A few smaller items this week:
- WSJ: America Needs More Houses: The housing shortage is caused by a combination of zoning and financing rules and supply-chain constraints.
- Americans Leaving Older Cities for Greener Pastures. Houston dominates international in-migration among growing metros, but we’re not as strong of a domestic pull.
- Here’s exactly how much remote work is to blame for the surge in home prices.
“ A paper published this week by two California economists calculated that the mass shift to remote work accounted for 15.1 percentage points of the 24% increase in U.S. home prices between November 2019 and 2021.”
“There are lots of places in America with jobs and lower climate risks or jobs and racial diversity, but if you want all three, Texas will take care of you best,” The NYTimes noted in 2021.
“Many of us move to big cities and spend little time in nature — also not a path to happiness. A study by the economists Ed Glaeser and Josh Gottlieb ranked the happiness of every American metropolitan area. They found that New York City was just about the least happy. Boston, Los Angeles and San Francisco also scored low. The happiest places include Flagstaff, Ariz.; Naples, Fla., and pretty much all of Hawaii. And when people move out of unhappy cities to happy places, they report increased happiness.”
And a little humor, lol: “The data-driven answer to life is as follows: Be with your love, on an 80-degree and sunny day, overlooking a beautiful body of water, having sex.”
- From Wendell Cox: “The Australian Financial Review (the nation’s equivalent to the WSJ) ran a piece suggesting that housing may be the most important policy failure in the nation” (based on our URI/COU Demographia International Housing Affordability Survey). I’d flip that and say housing may be Texas’ and Houston’s most important policy success!
“All the research suggests housing is a critical determinant of well-being and good community functionality and has long been considered an essential part of the “Australian dream”… Econometric analysis has shown that in some places in Australia, planning restrictions are responsible for 67 per cent of the cost of housing.” (!!!)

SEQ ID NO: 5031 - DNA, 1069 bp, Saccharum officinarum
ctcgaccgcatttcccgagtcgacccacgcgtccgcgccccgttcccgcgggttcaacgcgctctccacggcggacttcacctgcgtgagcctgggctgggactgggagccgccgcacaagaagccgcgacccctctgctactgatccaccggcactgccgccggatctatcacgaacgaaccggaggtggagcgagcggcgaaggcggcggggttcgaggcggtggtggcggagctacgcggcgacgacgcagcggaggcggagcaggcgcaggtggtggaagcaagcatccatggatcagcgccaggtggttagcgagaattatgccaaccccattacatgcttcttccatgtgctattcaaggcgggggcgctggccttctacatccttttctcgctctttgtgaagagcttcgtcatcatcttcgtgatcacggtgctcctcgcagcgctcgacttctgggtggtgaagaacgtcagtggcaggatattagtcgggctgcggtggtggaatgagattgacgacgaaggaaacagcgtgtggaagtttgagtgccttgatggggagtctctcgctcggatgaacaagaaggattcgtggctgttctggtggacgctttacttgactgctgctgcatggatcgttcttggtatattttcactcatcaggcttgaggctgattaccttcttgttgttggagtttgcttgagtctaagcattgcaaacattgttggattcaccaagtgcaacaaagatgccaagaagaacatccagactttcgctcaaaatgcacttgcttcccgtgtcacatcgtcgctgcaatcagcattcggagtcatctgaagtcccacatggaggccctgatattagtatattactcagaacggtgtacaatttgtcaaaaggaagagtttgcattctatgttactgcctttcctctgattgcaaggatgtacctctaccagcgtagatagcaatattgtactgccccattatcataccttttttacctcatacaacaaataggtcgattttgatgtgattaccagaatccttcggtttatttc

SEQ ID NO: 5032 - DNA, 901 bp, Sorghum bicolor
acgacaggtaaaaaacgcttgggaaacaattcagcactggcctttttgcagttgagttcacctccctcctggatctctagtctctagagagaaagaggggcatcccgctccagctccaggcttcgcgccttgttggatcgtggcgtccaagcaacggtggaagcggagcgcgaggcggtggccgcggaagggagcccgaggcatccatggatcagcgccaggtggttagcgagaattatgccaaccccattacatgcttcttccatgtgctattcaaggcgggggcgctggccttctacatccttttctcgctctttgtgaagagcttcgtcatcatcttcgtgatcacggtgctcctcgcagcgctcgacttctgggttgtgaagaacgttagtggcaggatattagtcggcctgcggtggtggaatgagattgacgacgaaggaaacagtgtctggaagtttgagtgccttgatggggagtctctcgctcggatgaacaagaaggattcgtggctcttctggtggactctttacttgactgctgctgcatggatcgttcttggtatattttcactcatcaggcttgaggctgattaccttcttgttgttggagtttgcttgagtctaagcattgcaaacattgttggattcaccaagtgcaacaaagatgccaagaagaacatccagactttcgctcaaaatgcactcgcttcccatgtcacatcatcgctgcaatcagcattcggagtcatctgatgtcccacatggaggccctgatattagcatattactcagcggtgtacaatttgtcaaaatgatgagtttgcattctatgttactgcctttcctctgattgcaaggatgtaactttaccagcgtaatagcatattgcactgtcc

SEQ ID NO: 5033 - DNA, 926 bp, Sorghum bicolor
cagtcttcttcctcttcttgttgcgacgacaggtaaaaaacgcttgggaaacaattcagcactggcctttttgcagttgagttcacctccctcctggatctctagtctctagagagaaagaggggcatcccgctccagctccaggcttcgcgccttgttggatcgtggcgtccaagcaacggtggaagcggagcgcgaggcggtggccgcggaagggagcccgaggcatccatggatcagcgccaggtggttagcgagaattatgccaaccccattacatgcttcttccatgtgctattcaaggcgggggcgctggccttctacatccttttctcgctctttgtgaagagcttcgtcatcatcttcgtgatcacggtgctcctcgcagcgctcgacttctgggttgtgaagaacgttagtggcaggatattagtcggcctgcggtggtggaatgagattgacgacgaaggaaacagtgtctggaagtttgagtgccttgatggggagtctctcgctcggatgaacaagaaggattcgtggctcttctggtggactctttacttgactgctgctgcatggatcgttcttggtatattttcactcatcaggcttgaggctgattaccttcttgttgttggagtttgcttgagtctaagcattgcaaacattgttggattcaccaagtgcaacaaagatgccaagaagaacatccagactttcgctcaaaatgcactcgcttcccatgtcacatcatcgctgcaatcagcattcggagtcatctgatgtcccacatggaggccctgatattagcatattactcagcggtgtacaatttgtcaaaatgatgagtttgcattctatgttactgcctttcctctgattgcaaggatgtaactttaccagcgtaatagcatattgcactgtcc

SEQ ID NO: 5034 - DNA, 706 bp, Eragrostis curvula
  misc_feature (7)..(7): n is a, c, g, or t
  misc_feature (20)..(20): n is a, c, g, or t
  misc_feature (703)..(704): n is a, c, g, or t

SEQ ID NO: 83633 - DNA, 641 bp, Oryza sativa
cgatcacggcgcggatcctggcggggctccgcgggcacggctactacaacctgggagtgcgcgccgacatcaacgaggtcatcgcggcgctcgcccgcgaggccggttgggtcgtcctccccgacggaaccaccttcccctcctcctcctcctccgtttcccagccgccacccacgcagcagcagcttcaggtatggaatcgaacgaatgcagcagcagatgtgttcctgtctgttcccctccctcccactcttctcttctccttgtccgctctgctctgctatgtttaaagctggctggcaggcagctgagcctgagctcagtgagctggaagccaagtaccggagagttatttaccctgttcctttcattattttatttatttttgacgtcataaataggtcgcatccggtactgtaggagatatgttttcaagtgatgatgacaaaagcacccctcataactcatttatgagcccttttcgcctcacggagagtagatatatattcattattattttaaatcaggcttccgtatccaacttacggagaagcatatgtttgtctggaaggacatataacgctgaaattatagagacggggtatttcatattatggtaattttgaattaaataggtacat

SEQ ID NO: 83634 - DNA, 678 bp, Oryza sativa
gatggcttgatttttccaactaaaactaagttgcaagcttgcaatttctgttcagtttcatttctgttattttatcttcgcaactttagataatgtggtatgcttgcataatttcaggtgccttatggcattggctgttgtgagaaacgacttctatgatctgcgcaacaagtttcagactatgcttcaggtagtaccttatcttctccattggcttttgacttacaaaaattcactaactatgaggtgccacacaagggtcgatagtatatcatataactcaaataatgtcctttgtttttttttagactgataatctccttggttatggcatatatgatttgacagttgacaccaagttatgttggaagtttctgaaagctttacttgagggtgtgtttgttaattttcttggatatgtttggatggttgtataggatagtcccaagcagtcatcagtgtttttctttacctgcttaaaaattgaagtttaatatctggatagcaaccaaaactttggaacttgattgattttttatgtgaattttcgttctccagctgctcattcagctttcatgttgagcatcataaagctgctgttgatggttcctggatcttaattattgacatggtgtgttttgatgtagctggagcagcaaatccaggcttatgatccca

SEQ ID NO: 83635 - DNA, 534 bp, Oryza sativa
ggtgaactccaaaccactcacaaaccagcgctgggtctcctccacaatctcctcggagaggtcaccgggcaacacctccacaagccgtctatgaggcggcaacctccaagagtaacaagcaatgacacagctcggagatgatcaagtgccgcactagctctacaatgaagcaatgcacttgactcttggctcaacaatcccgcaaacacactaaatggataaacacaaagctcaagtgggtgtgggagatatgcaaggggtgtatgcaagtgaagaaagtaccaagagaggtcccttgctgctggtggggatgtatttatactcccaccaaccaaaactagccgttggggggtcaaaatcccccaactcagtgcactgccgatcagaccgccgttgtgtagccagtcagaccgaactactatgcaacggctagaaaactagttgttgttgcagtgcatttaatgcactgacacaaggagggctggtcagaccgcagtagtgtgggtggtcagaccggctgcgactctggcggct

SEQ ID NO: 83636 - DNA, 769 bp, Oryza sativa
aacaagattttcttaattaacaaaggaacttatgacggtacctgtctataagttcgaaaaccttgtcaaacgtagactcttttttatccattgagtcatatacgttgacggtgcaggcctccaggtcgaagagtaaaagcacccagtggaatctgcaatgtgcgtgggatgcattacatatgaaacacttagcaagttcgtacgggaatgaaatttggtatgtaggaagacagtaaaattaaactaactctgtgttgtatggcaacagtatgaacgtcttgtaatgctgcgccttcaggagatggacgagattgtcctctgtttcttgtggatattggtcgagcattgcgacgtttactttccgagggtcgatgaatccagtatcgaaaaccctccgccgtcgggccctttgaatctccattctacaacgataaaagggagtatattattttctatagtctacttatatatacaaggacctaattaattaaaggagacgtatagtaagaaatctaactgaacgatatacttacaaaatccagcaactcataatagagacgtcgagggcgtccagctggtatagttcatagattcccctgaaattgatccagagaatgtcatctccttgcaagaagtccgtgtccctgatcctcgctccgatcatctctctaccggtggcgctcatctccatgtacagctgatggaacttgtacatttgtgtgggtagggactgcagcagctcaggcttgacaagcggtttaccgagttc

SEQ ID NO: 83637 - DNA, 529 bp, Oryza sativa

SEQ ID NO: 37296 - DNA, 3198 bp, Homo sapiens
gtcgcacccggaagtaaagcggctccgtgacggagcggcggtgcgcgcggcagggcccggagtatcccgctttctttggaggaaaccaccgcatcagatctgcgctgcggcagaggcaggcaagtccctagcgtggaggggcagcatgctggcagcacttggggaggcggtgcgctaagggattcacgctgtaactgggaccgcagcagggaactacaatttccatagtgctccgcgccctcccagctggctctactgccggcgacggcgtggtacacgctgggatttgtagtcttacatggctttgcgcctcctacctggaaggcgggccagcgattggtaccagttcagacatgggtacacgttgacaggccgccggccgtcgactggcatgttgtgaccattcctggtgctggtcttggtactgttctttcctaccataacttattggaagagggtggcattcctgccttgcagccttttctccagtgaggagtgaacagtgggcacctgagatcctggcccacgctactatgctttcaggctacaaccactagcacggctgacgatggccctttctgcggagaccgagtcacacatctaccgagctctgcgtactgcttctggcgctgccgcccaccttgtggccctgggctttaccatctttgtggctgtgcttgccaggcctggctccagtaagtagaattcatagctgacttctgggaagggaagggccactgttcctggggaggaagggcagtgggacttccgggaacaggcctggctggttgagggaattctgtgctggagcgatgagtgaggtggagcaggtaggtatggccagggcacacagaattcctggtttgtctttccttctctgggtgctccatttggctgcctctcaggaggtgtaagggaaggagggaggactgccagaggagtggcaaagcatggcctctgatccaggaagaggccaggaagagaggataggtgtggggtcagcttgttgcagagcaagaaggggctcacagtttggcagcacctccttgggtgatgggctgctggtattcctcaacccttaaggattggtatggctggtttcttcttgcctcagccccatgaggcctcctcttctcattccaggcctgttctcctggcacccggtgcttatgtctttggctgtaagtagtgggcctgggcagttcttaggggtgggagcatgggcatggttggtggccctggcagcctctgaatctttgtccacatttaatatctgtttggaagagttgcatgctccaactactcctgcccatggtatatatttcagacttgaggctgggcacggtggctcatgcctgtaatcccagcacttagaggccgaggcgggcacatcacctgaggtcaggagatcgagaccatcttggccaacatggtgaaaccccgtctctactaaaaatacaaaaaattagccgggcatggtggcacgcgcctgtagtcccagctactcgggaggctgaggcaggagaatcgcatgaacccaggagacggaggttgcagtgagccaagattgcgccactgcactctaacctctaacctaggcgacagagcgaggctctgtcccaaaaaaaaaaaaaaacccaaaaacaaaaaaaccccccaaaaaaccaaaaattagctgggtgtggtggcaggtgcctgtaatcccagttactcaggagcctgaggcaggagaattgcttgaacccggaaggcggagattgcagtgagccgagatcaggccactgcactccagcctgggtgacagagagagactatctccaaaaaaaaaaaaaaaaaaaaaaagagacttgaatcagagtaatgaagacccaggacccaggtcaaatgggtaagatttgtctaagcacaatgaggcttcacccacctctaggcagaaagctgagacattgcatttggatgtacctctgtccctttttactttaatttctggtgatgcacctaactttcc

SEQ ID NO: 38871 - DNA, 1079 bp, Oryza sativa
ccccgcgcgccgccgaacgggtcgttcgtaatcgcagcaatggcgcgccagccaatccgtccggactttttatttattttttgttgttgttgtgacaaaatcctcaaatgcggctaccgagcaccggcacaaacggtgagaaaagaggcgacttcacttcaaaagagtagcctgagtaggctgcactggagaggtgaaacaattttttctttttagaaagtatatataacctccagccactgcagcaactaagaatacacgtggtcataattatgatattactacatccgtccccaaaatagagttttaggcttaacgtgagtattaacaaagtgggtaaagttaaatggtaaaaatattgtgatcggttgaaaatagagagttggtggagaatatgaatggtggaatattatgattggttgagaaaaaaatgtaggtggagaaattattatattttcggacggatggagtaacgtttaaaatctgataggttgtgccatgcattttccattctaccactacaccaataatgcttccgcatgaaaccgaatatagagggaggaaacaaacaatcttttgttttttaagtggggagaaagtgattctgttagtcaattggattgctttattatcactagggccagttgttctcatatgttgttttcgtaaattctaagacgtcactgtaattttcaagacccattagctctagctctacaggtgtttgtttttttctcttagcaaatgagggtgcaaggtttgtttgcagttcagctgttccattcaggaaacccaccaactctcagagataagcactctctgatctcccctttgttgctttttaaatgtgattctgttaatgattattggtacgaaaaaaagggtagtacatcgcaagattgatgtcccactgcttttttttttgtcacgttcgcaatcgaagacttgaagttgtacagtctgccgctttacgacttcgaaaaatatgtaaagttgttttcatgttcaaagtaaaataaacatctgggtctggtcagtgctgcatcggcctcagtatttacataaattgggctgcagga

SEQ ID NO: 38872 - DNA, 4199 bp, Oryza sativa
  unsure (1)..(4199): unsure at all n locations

- And here are the academic paper details behind that excerpt: Unhappy Cities. People are the least happy in some of America’s largest cities like NYC, LA, SF, Boston, and Chicago. Oddly, Dallas and Houston are not included, although Galveston scores surprisingly high (#16).
“Abstract: There are persistent differences in self-reported subjective well-being across U.S. metropolitan areas, and residents of declining cities appear less happy than other Americans. Newer residents of these cities appear to be as unhappy as longer term residents, and yet some people continue to move to these areas. While the historical data on happiness are limited, the available facts suggest that cities that are now declining were also unhappy in their more prosperous past. One interpretation of these facts is that individuals do not aim to maximize self-reported well-being, or happiness, as measured in surveys, and they willingly endure less happiness in exchange for higher incomes or lower housing costs. In this view, subjective well-being is better viewed as one of many arguments of the utility function, rather than the utility function itself, and individuals make trade-offs among competing objectives, including but not limited to happiness.”
Finally, a great little video tribute to Dr. Stephen Kleinberg at Rice University, who is retiring after an amazing 40 years of conducting the Houston Area Survey. Thank you, Stephen Klineberg.
This piece first appeared on Houston Strategies Blogspot.
Tory Gattis is a Founding Senior Fellow with the Urban Reform Institute (formerly Center for Opportunity Urbanism) and co-authored the original study with noted urbanist Joel Kotkin and others, creating a city philosophy around upward social mobility for all citizens as an alternative to the popular smart growth, new urbanism, and creative class movements. He is also an editor of the Houston Strategies blog.
Image: Houston Inner Katy BRT plan, via Wikimedia under CC 4.0 License.